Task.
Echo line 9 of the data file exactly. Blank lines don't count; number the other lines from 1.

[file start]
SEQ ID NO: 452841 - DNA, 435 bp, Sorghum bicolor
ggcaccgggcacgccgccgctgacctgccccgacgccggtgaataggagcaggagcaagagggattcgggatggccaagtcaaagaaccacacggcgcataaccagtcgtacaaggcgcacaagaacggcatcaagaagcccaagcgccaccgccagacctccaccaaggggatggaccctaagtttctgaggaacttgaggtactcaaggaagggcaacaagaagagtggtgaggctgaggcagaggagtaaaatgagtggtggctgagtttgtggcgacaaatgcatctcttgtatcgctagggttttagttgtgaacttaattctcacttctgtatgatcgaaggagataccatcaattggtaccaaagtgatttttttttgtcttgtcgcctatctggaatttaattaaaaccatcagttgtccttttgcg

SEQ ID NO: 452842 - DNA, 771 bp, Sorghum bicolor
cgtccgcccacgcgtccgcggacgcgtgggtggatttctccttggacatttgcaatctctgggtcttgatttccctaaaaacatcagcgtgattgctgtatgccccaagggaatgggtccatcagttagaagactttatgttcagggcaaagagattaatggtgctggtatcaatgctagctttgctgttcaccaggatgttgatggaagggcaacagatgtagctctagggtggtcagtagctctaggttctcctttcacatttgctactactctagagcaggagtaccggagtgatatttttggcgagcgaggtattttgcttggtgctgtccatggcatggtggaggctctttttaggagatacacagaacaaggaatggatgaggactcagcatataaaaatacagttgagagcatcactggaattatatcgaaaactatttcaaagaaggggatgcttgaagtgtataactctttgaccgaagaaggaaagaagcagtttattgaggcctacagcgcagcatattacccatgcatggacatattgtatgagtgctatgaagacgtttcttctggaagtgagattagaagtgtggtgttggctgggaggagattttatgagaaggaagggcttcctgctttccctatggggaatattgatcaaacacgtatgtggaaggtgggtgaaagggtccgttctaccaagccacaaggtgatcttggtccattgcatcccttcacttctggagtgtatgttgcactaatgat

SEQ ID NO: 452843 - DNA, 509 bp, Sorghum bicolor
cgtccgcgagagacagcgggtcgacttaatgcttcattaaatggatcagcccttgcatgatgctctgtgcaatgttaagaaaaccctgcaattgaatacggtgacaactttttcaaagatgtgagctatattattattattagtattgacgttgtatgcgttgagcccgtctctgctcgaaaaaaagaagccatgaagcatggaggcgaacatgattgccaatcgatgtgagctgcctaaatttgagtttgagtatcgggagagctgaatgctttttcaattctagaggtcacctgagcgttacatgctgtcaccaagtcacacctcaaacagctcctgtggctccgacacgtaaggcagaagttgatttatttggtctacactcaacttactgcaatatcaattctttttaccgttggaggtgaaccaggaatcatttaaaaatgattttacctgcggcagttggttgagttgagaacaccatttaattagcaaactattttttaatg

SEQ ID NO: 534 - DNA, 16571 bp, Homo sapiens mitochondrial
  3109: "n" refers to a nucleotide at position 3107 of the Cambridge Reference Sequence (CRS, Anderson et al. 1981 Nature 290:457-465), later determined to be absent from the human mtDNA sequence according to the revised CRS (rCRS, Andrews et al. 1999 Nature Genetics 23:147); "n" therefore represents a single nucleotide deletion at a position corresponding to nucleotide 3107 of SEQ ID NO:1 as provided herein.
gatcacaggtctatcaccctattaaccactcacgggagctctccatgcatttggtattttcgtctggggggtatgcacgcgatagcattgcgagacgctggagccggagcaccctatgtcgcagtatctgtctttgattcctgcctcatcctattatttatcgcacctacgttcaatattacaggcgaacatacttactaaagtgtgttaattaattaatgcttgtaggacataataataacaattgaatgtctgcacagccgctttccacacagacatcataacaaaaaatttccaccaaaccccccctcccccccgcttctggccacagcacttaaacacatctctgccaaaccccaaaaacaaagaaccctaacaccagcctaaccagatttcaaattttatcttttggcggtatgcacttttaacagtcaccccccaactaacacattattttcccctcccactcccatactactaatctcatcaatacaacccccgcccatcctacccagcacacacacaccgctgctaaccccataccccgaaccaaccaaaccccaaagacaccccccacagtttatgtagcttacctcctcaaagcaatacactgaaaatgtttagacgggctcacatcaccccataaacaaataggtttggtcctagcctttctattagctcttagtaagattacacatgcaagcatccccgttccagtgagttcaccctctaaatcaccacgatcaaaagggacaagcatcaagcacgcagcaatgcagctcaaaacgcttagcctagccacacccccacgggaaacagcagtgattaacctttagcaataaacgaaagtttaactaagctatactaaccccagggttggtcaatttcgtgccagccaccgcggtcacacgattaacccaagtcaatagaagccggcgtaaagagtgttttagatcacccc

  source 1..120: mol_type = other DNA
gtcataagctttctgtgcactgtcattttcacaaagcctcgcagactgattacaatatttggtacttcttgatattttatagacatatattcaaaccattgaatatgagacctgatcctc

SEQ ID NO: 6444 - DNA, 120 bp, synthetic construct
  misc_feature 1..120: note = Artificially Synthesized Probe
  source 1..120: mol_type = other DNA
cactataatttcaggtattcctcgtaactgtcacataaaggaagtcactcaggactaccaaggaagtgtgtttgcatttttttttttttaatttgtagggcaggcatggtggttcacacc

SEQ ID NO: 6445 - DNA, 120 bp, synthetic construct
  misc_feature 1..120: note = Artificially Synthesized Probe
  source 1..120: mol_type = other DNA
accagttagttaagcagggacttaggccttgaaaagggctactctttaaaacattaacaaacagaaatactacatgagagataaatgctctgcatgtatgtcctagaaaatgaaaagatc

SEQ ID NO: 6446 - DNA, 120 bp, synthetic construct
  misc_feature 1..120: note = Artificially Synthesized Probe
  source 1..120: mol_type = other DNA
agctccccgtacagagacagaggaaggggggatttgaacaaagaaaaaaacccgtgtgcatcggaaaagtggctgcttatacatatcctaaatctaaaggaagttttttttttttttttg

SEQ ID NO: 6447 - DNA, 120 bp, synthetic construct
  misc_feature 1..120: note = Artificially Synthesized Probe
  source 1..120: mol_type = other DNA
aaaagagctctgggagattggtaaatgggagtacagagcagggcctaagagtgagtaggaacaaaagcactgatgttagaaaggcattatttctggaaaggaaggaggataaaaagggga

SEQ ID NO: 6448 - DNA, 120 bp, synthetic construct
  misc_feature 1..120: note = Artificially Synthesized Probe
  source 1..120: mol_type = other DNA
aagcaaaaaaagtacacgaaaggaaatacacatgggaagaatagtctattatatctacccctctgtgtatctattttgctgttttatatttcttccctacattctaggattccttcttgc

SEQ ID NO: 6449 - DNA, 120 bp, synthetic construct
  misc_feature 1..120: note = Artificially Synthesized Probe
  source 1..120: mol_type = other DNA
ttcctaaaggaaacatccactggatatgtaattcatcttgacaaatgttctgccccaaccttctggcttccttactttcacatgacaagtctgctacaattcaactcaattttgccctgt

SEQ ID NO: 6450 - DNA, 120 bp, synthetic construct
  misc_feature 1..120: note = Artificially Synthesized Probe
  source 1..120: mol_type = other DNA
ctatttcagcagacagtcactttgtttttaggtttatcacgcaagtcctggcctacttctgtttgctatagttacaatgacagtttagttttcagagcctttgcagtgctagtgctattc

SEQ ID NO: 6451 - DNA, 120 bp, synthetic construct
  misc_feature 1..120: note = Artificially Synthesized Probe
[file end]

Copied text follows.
gatcacaggtctatcaccctattaaccactcacgggagctctccatgcatttggtattttcgtctggggggtatgcacgcgatagcattgcgagacgctggagccggagcaccctatgtcgcagtatctgtctttgattcctgcctcatcctattatttatcgcacctacgttcaatattacaggcgaacatacttactaaagtgtgttaattaattaatgcttgtaggacataataataacaattgaatgtctgcacagccgctttccacacagacatcataacaaaaaatttccaccaaaccccccctcccccccgcttctggccacagcacttaaacacatctctgccaaaccccaaaaacaaagaaccctaacaccagcctaaccagatttcaaattttatcttttggcggtatgcacttttaacagtcaccccccaactaacacattattttcccctcccactcccatactactaatctcatcaatacaacccccgcccatcctacccagcacacacacaccgctgctaaccccataccccgaaccaaccaaaccccaaagacaccccccacagtttatgtagcttacctcctcaaagcaatacactgaaaatgtttagacgggctcacatcaccccataaacaaataggtttggtcctagcctttctattagctcttagtaagattacacatgcaagcatccccgttccagtgagttcaccctctaaatcaccacgatcaaaagggacaagcatcaagcacgcagcaatgcagctcaaaacgcttagcctagccacacccccacgggaaacagcagtgattaacctttagcaataaacgaaagtttaactaagctatactaaccccagggttggtcaatttcgtgccagccaccgcggtcacacgattaacccaagtcaatagaagccggcgtaaagagtgttttagatcacccc